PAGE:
That I observe: the body is not a mere machine but one created and needing the necessary rests for the body to recover. Mental endurance is not enough.

#166 pain in triumph

It is so refreshing to hear the young swimmers who broke the world record at the Olympics saying that there was so much pain…they recover after some good rests. Do they have sports therapists to guide them through the process?

Indeed in every triumph or success, pain is evident.

There is great joy in the pain!

One example is a woman through labor pains…delight and joy when the couple look at their new-born born out of love and their own flesh and blood.

Here at the Olympics, those gold medalists who broke world record in every area of sports share the same pain and joy of triumph at the same time!

#163 opening ceremony of olympic games

 

(photo taken from 08ssolyopencer15-600: thank-u)

Magnificent…dazzling…moments of ecstatic joy and pleasure!

Display of fireworks splashed across the sky for those living in Beijing, outside the Bird’s Nest stadium.

There was a blend of old and new, modern and ancient, young and old through history and the arts — a dapple of chinese culture in historical perspective unfolds — using the scroll as backdrop which opened up fully to the lighting of the Olympic Torch cauldron as a way to officially start the Games on August 8th, 2008 [080808] at 8pm Beijing time.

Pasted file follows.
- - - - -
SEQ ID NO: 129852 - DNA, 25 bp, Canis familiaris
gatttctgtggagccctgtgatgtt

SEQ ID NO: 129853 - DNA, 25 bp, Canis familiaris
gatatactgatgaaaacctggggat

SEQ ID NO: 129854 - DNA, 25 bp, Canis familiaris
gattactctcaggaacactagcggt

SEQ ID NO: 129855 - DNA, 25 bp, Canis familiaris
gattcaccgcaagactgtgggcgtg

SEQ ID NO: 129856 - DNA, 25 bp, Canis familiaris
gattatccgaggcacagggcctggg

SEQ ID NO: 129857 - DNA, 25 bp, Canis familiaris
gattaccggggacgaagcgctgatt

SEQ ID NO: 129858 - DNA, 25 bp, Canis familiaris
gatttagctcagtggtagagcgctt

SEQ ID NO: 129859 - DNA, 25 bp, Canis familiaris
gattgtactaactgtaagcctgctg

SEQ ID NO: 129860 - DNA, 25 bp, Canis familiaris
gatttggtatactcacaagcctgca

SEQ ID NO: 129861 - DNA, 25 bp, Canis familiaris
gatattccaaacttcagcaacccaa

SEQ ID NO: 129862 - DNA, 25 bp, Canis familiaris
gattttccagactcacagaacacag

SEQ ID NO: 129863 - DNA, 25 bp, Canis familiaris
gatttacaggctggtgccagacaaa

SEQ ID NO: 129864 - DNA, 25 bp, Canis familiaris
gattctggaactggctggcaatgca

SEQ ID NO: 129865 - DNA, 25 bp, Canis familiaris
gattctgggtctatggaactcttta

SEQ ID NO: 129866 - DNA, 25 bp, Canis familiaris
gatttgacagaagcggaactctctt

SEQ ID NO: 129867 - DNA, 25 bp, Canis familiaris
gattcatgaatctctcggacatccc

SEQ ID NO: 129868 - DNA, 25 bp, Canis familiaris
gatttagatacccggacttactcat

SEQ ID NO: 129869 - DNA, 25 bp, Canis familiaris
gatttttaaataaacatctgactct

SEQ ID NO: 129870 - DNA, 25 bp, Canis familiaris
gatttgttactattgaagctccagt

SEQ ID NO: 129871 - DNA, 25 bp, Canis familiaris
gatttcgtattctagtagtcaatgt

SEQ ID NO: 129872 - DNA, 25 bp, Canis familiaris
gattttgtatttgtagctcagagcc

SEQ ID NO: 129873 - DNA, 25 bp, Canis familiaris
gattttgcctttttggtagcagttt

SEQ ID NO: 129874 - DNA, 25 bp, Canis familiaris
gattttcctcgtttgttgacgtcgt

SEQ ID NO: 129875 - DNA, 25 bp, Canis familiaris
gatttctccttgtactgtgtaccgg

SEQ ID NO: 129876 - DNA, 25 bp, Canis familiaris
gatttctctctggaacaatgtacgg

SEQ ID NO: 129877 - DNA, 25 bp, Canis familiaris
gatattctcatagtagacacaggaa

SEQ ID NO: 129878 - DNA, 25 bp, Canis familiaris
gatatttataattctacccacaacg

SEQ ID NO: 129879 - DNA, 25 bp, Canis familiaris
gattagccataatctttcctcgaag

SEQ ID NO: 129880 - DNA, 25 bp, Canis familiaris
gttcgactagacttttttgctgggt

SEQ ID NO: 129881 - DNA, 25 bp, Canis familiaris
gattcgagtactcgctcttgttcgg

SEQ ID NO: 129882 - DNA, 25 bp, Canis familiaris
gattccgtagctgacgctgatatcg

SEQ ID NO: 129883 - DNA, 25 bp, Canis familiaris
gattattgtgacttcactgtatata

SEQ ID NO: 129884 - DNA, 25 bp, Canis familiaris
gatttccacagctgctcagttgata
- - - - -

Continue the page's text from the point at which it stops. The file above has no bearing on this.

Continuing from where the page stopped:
The most spectacular was the first item on programme: 2000 (0r 2008) men clad in traditional costume standing in front of a drum to each performer. Well-thought out choreographed movements and music drum beat for eyes and ears. Brilliant blend to the first sounds of music man created.

Instead of releasing real doves in the air, the use of human hands crossed to movements to form the pattern of dove flying out of human hearts! Peace…from within flowing out to without.

The pure angelic voices of the children choir graced the occasion — specially composed?

The Olympic Games is one occasion when countries around the world unite regardless of race, religion, color or creed — 204 countries. I don’t even know the location of some of the smaller countries the athletes hailed from .

The opening and close of Olympic Games through history have been a display of man’s ingenuity and creativity — each Games brings fresh new display that is beyond words to describe…there is no comparison or one out-flung the other…such is the magnanmity and POWER of MAN.